WASIF LATIF 27-Feb-2020
Earlier this week, coronavirus fears spooked the market and investors fled risk assets en masse. True, the headlines are worrisome. Nobody knows whether the outbreak will evolve into a serious pandemic or what its ultimate impact will be on the global economy.
What we do know, however, is that during times like this it’s important to remain calm. Uncertainties and uncommon events often incite emotional investing decisions that can have destructive ramifications on returns and long-term investment objectives. There’s an entire field of Behavioral Economics that studies the effects of psychological and emotional investment decisions. We know that the urge to sell stocks is very strong during times of tumult. Conversely, investors often don’t have the stomach to buy after the market plummets and losses are fresh in their mind. This is just human nature.
To put it simply, we are hard-wired to buy high when everything feels good and sell low when times look bleak, which is often the exact opposite of what investors should be doing. So how can investors avoid this pitfall?
One possible solution is to employ a systematic, disciplined approach that provides exposure to stocks with a built-in mechanism to shift allocations and raise cash depending on market conditions. So when stocks fall to a certain level, reallocating to cash may be an important first step to help limit steep losses associated with protracted downturns. But that’s only half the battle. It’s also imperative for investors to have a plan to step in and methodically reinvest after stocks go down.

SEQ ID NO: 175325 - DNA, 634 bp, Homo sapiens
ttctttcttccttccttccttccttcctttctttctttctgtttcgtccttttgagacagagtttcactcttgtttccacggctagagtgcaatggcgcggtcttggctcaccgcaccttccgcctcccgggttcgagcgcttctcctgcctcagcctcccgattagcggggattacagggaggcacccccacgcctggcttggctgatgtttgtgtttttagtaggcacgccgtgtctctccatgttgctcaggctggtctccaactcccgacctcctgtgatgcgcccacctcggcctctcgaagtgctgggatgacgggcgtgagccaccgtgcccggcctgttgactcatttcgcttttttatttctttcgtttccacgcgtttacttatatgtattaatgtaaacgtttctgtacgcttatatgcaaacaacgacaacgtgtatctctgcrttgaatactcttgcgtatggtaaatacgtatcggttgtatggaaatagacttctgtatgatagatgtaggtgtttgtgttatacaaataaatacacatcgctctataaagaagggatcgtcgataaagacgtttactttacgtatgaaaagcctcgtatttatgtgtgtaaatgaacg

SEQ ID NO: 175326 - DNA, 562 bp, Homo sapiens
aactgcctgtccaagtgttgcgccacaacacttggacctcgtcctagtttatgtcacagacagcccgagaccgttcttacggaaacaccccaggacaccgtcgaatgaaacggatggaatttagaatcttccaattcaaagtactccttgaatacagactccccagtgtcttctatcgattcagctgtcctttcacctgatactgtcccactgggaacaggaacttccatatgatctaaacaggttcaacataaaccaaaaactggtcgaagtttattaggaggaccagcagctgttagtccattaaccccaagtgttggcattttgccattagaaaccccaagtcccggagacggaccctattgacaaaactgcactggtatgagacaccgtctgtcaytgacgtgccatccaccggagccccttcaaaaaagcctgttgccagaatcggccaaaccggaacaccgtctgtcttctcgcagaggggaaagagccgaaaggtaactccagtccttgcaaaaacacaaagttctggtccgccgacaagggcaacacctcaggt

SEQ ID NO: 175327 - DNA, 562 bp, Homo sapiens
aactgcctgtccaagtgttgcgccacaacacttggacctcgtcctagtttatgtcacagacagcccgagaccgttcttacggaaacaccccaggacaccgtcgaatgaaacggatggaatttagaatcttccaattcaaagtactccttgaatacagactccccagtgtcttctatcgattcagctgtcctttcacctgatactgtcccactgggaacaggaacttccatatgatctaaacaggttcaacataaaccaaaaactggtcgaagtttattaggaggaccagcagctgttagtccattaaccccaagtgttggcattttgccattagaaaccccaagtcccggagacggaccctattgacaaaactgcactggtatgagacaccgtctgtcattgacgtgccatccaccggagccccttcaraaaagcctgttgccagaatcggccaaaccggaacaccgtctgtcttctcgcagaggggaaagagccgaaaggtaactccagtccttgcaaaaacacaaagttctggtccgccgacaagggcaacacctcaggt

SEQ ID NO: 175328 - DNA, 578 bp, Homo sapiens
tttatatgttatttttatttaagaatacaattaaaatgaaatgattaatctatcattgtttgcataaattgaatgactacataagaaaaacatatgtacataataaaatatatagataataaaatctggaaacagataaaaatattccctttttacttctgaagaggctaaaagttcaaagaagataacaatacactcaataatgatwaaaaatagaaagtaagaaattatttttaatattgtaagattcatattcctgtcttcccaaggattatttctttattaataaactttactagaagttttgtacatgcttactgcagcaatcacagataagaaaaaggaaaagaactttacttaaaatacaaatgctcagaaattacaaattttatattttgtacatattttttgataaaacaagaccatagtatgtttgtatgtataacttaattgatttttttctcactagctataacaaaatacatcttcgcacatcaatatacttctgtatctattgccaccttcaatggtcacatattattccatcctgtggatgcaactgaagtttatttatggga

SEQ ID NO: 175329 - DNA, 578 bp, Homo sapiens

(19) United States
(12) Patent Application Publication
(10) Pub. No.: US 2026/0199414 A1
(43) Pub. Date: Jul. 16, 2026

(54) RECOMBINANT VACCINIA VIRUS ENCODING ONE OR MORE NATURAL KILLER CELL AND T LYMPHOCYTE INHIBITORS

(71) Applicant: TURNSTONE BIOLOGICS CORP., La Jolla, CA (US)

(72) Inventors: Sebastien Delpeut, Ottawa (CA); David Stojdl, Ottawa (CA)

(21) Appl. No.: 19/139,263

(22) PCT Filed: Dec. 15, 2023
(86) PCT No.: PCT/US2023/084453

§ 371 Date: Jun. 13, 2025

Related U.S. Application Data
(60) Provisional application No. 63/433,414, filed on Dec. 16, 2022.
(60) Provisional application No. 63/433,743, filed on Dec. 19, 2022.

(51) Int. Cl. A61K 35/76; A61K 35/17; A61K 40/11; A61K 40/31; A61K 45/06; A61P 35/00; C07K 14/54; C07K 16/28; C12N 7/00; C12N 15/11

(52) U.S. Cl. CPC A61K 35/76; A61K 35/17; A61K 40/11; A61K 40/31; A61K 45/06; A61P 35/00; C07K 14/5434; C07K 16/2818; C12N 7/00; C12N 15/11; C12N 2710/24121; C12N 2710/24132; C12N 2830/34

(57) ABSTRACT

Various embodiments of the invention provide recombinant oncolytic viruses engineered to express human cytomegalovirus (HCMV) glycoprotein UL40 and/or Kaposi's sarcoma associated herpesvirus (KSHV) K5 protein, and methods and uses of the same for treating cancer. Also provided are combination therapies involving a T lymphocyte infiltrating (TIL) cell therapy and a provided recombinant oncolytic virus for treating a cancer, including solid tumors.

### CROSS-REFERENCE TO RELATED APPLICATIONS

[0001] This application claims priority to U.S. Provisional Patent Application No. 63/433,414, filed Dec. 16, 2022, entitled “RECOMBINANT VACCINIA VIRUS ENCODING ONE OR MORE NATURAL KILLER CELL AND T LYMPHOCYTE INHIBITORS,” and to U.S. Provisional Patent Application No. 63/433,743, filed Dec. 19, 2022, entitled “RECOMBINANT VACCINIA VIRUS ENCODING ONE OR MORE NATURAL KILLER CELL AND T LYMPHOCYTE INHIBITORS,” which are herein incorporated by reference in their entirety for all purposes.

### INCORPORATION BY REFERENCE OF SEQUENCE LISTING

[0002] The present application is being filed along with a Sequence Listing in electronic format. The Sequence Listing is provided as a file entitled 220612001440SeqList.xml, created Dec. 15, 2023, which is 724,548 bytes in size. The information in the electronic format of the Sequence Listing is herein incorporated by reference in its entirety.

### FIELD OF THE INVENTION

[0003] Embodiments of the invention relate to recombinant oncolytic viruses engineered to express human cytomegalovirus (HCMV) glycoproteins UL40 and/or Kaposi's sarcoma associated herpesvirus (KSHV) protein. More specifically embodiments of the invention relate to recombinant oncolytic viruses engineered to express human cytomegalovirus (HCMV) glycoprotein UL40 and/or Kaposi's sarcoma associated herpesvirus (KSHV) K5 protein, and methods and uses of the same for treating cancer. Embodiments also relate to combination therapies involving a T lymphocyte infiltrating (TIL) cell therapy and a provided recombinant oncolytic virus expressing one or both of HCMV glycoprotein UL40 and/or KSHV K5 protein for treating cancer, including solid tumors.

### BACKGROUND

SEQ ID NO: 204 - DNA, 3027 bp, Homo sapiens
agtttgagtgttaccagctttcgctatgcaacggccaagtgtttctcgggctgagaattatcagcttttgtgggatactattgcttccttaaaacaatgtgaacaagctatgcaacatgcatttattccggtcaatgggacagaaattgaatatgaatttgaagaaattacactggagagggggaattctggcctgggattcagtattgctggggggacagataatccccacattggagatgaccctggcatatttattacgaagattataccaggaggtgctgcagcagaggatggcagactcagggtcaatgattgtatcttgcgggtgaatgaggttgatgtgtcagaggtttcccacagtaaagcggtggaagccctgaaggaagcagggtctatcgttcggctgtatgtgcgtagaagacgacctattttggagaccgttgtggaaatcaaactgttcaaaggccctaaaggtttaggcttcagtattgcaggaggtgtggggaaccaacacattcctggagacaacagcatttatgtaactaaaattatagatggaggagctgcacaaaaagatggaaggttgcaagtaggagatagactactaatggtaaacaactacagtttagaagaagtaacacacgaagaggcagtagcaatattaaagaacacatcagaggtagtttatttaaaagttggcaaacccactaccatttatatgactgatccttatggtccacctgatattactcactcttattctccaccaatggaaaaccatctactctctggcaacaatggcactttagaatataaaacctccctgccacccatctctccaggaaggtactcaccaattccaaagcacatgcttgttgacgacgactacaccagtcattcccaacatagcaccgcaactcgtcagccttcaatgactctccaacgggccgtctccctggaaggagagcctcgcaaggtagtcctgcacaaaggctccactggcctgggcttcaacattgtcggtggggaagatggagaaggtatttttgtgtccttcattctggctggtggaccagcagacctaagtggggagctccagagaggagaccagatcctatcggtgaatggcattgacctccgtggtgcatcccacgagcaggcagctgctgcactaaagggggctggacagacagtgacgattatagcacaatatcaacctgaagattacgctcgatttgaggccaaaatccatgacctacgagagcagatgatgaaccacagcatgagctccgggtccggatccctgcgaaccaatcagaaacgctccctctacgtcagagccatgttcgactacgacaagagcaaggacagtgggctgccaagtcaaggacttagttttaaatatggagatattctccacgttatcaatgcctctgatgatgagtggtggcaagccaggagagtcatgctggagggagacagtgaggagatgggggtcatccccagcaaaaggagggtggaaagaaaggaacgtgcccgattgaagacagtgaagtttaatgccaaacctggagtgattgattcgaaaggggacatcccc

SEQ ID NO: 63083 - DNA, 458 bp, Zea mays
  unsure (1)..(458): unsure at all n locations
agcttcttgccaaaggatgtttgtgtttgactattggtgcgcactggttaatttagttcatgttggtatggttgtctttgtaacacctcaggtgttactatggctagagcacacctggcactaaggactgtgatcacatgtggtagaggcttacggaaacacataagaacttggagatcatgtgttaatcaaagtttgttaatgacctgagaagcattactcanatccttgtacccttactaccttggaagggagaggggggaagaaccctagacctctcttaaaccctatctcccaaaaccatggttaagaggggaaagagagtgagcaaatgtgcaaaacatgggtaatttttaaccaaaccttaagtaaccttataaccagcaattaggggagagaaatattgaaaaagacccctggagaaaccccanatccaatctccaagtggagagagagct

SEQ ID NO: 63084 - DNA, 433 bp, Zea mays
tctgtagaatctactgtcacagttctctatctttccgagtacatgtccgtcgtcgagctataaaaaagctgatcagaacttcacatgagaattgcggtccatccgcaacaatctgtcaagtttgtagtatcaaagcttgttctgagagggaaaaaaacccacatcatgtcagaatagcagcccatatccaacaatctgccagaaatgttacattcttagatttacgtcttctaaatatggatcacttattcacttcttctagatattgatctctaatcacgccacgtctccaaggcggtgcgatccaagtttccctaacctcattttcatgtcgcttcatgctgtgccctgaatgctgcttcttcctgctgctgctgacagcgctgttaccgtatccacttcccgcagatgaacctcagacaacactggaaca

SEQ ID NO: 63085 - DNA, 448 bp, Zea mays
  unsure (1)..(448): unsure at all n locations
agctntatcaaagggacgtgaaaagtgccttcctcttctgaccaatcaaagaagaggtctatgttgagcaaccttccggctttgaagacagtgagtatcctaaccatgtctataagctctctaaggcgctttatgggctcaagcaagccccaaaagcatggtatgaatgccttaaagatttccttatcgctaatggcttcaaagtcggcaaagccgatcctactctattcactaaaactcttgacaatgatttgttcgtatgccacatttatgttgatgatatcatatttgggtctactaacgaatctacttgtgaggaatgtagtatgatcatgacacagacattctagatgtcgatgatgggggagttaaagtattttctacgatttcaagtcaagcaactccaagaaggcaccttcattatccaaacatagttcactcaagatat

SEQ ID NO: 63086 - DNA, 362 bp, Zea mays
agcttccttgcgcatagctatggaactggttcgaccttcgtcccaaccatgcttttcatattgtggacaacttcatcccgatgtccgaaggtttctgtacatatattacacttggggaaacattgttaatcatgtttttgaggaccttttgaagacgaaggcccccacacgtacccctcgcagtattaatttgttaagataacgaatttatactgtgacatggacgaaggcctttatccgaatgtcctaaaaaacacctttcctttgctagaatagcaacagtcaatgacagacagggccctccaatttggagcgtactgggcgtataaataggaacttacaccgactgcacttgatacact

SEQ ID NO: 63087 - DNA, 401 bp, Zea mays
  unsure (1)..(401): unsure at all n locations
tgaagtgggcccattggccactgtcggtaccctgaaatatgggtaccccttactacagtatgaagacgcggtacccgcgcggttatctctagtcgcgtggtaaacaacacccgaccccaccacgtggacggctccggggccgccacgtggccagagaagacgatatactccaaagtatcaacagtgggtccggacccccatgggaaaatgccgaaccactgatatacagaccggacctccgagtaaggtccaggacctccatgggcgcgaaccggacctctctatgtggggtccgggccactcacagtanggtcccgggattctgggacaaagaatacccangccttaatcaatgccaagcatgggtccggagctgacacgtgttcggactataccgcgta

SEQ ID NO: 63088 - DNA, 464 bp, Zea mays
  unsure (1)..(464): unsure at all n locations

Admittedly, having the discipline to stick to your plan is not easy in turbulent times when bombarded with dire news. Fortunately for investors there are some investment products that may help eliminate the temptation to make emotional decisions. These rules-based products may be appropriate for investors seeking equity exposure with some level of downside management. And they also might help any investors who have become uncomfortable with high stock valuations and elevated levels of market volatility—like now. Of course, careful due-diligence is important, and investors should consider the exit and reinvestment methodologies of such products, as well as their associated fees and expenses.